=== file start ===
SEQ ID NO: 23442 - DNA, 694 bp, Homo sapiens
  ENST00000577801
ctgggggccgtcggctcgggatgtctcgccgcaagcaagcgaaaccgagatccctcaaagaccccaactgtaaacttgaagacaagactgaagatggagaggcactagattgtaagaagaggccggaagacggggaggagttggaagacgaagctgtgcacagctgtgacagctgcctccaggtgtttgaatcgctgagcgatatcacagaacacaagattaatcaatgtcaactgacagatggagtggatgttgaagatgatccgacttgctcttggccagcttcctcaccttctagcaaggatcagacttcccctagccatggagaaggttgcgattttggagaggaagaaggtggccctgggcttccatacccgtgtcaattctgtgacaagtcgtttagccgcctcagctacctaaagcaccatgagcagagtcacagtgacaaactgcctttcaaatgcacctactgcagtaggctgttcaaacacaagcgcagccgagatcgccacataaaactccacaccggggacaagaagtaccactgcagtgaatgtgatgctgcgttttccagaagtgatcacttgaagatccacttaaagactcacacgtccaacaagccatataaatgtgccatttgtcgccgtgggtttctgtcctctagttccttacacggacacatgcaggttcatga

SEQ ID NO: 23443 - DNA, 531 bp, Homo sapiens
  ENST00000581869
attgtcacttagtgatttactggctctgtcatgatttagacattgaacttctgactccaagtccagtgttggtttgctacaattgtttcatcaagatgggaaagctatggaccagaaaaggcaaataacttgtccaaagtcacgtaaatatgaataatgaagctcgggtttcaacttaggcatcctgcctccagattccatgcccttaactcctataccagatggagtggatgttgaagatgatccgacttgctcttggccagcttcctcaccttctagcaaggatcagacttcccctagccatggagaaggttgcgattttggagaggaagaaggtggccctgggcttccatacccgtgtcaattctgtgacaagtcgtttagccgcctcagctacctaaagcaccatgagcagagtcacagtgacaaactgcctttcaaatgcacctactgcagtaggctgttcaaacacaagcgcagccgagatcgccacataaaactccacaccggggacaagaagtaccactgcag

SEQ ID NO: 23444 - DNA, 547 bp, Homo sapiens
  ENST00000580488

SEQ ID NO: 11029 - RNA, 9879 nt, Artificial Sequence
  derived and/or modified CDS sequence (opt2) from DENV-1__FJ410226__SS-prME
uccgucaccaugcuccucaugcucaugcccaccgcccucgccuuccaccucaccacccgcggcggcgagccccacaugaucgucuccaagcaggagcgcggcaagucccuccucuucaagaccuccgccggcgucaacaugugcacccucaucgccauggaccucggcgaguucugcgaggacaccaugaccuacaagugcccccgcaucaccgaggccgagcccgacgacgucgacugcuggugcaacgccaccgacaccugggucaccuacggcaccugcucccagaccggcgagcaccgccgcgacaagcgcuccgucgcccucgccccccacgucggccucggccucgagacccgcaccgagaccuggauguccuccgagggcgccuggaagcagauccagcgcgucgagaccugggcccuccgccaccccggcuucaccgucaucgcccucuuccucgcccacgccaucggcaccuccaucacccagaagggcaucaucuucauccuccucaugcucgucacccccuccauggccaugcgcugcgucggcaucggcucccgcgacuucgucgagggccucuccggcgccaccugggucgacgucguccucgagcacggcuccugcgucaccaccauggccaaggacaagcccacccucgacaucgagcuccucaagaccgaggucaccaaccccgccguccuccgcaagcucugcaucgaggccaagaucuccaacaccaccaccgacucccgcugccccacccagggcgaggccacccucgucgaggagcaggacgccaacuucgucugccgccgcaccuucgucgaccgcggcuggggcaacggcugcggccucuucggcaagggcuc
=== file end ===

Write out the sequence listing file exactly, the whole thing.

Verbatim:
SEQ ID NO: 23442 - DNA, 694 bp, Homo sapiens
  ENST00000577801
ctgggggccgtcggctcgggatgtctcgccgcaagcaagcgaaaccgagatccctcaaagaccccaactgtaaacttgaagacaagactgaagatggagaggcactagattgtaagaagaggccggaagacggggaggagttggaagacgaagctgtgcacagctgtgacagctgcctccaggtgtttgaatcgctgagcgatatcacagaacacaagattaatcaatgtcaactgacagatggagtggatgttgaagatgatccgacttgctcttggccagcttcctcaccttctagcaaggatcagacttcccctagccatggagaaggttgcgattttggagaggaagaaggtggccctgggcttccatacccgtgtcaattctgtgacaagtcgtttagccgcctcagctacctaaagcaccatgagcagagtcacagtgacaaactgcctttcaaatgcacctactgcagtaggctgttcaaacacaagcgcagccgagatcgccacataaaactccacaccggggacaagaagtaccactgcagtgaatgtgatgctgcgttttccagaagtgatcacttgaagatccacttaaagactcacacgtccaacaagccatataaatgtgccatttgtcgccgtgggtttctgtcctctagttccttacacggacacatgcaggttcatga

SEQ ID NO: 23443 - DNA, 531 bp, Homo sapiens
  ENST00000581869
attgtcacttagtgatttactggctctgtcatgatttagacattgaacttctgactccaagtccagtgttggtttgctacaattgtttcatcaagatgggaaagctatggaccagaaaaggcaaataacttgtccaaagtcacgtaaatatgaataatgaagctcgggtttcaacttaggcatcctgcctccagattccatgcccttaactcctataccagatggagtggatgttgaagatgatccgacttgctcttggccagcttcctcaccttctagcaaggatcagacttcccctagccatggagaaggttgcgattttggagaggaagaaggtggccctgggcttccatacccgtgtcaattctgtgacaagtcgtttagccgcctcagctacctaaagcaccatgagcagagtcacagtgacaaactgcctttcaaatgcacctactgcagtaggctgttcaaacacaagcgcagccgagatcgccacataaaactccacaccggggacaagaagtaccactgcag

SEQ ID NO: 23444 - DNA, 547 bp, Homo sapiens
  ENST00000580488

SEQ ID NO: 11029 - RNA, 9879 nt, Artificial Sequence
  derived and/or modified CDS sequence (opt2) from DENV-1__FJ410226__SS-prME
uccgucaccaugcuccucaugcucaugcccaccgcccucgccuuccaccucaccacccgcggcggcgagccccacaugaucgucuccaagcaggagcgcggcaagucccuccucuucaagaccuccgccggcgucaacaugugcacccucaucgccauggaccucggcgaguucugcgaggacaccaugaccuacaagugcccccgcaucaccgaggccgagcccgacgacgucgacugcuggugcaacgccaccgacaccugggucaccuacggcaccugcucccagaccggcgagcaccgccgcgacaagcgcuccgucgcccucgccccccacgucggccucggccucgagacccgcaccgagaccuggauguccuccgagggcgccuggaagcagauccagcgcgucgagaccugggcccuccgccaccccggcuucaccgucaucgcccucuuccucgcccacgccaucggcaccuccaucacccagaagggcaucaucuucauccuccucaugcucgucacccccuccauggccaugcgcugcgucggcaucggcucccgcgacuucgucgagggccucuccggcgccaccugggucgacgucguccucgagcacggcuccugcgucaccaccauggccaaggacaagcccacccucgacaucgagcuccucaagaccgaggucaccaaccccgccguccuccgcaagcucugcaucgaggccaagaucuccaacaccaccaccgacucccgcugccccacccagggcgaggccacccucgucgaggagcaggacgccaacuucgucugccgccgcaccuucgucgaccgcggcuggggcaacggcugcggccucuucggcaagggcuc